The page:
The Vampire Trilogy are fan favourites – how much fun was it to write such a glorious villain? And what’s with the shutters on the windows?

The vampire trilogy was great fun.  Again, I wanted no violence, so what dreadful dark thing can occur if the vampire doesn’t take blood?  (He’s my vampire, he’ll do what I decide.)  There was a house we drove by occasionally in Connecticut where I grew up which had such a tower, and I yearned to live there.  I can’t say why the shutters are involved.  You need detail, I guess, and there it is.

The Point Horror range petered out at the end of the nineties. What have you been up to since?

Three years ago I read a scholarly history by a British author, Nick Bunker, about the English background of the American Pilgrims.  It was a very intense read for me, as I am a Mayflower descendent.  Since I write for children, I tried to imagine as I read his extremely detailed excursion into whose these people were as Englishmen,  how the children lived.  After 2  years of research, including a l trip to Lincoln and the nearby scattered little villages where the Pilgrims came from and also to Leiden, where they lived for 12 years prior to sailing to Plymouth, I have been writing a historical novel about the children on the Mayflower.  However, it is for adults.  I can’t remember enjoying the writing of a book so much.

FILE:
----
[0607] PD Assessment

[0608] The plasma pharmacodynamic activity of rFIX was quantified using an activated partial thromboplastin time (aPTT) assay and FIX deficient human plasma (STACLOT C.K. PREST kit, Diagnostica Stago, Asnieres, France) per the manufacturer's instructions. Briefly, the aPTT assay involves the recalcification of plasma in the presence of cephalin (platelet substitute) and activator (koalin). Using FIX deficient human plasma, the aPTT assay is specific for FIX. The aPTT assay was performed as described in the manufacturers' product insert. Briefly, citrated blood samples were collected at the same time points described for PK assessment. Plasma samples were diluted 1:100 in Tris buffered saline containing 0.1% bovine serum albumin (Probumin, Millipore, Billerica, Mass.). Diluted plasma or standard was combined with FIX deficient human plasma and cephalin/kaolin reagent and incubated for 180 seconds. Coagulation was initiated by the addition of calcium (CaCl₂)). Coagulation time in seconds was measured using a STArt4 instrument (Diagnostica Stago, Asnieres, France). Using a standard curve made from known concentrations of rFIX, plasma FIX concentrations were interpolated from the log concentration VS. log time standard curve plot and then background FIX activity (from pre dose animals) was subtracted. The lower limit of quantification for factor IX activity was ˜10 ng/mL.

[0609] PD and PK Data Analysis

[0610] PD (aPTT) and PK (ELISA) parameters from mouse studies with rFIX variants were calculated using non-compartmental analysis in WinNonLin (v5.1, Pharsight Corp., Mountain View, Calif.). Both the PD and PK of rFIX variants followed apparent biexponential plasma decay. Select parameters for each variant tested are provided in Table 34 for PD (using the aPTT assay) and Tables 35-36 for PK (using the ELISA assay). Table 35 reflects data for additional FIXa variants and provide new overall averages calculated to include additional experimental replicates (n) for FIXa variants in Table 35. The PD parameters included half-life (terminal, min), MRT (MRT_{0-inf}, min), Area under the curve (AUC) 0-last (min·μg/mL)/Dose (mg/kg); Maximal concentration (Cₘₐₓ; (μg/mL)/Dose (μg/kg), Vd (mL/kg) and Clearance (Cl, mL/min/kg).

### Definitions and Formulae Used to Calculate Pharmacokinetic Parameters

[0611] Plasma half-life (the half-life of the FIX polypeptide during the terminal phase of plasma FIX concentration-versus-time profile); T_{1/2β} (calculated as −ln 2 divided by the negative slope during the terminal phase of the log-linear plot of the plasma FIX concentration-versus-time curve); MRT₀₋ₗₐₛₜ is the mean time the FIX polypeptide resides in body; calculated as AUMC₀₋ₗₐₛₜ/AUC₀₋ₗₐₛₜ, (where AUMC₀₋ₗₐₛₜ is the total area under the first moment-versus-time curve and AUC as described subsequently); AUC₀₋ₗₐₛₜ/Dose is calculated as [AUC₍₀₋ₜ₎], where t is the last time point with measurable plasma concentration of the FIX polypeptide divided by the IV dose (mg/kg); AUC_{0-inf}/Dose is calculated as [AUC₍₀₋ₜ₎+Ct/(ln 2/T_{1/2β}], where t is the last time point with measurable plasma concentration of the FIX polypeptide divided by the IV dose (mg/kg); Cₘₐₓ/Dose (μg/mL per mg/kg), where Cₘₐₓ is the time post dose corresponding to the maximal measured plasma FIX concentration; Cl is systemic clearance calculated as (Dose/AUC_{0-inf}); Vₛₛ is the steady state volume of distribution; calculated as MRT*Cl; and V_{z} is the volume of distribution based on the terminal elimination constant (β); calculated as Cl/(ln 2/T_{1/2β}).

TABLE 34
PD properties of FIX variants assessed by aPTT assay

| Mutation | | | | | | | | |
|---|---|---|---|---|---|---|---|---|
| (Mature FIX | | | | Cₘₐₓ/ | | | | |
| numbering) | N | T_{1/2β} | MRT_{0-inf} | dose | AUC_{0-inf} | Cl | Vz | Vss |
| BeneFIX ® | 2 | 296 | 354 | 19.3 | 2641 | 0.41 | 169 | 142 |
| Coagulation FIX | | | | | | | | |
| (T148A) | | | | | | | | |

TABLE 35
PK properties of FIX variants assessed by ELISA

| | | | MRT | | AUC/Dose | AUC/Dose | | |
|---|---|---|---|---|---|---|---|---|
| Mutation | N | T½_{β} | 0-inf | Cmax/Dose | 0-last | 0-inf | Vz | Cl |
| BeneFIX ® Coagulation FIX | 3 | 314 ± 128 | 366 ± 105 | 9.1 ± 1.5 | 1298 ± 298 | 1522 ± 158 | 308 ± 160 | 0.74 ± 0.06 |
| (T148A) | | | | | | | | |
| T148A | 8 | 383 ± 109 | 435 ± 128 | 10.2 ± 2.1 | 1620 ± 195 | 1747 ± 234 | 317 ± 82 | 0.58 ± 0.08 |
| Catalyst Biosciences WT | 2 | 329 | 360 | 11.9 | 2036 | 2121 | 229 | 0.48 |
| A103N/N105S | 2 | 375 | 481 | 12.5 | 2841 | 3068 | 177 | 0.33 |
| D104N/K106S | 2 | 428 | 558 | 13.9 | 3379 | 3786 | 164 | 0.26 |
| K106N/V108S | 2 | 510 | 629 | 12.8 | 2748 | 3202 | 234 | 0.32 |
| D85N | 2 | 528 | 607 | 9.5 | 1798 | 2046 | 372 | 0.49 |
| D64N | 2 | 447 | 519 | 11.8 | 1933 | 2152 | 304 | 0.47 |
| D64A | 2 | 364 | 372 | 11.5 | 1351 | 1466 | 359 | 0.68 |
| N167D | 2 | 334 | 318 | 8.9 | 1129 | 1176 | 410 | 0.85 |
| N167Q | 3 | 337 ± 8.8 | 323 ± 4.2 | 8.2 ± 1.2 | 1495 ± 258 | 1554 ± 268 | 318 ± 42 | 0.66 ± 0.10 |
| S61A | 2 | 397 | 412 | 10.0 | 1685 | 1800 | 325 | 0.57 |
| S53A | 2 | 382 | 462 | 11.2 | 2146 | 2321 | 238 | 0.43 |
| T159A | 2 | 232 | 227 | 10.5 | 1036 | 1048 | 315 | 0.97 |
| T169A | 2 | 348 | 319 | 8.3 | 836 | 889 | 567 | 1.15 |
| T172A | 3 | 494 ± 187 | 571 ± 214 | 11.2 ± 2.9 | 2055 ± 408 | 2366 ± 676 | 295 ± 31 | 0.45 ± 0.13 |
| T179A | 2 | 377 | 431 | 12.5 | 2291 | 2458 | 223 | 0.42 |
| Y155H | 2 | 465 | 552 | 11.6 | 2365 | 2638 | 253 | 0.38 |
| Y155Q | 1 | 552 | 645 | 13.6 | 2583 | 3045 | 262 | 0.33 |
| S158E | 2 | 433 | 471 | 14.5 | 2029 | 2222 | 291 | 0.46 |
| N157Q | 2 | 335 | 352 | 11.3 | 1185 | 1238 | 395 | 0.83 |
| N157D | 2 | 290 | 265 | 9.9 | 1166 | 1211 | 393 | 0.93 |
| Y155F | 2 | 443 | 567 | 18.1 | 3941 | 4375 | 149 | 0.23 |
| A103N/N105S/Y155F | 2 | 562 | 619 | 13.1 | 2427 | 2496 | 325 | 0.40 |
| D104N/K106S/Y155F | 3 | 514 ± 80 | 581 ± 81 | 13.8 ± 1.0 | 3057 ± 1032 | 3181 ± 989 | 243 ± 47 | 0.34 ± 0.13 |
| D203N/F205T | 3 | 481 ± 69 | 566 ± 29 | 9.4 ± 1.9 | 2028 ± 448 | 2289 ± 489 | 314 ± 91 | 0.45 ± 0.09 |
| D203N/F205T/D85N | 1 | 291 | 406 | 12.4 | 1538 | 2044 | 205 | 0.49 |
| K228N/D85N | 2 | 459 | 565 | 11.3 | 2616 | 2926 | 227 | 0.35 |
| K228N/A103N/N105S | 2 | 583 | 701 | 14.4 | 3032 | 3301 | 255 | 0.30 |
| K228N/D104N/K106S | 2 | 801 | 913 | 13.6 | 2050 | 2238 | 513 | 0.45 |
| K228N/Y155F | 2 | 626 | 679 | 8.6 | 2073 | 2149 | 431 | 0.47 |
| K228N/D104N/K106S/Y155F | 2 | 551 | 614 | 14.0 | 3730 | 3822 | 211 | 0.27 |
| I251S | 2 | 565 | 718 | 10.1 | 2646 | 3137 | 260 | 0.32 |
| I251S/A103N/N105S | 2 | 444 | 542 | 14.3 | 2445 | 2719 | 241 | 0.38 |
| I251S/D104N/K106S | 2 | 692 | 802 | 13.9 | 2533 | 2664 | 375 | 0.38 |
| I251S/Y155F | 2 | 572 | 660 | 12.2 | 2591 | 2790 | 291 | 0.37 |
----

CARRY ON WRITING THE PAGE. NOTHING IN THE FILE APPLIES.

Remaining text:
Again, thank you Caroline for answering the questions of a proper fanboy. In all seriousness, Point Horror books are the reason I’m now making a living from writing and I can only hope that in fifteen years’ time someone is still talking about my books.

Next month, we have our first DEATHMATCH – THE BOYFRIEND VS THE GIRLFRIEND, both by RL Stine.

PHBC: Mother’s Helper by A Bates

!!d7nnYw!mM~$(KGrHqYOKnUEw89OpVZ3BMRq3YG6gg~~_35What’s It All About?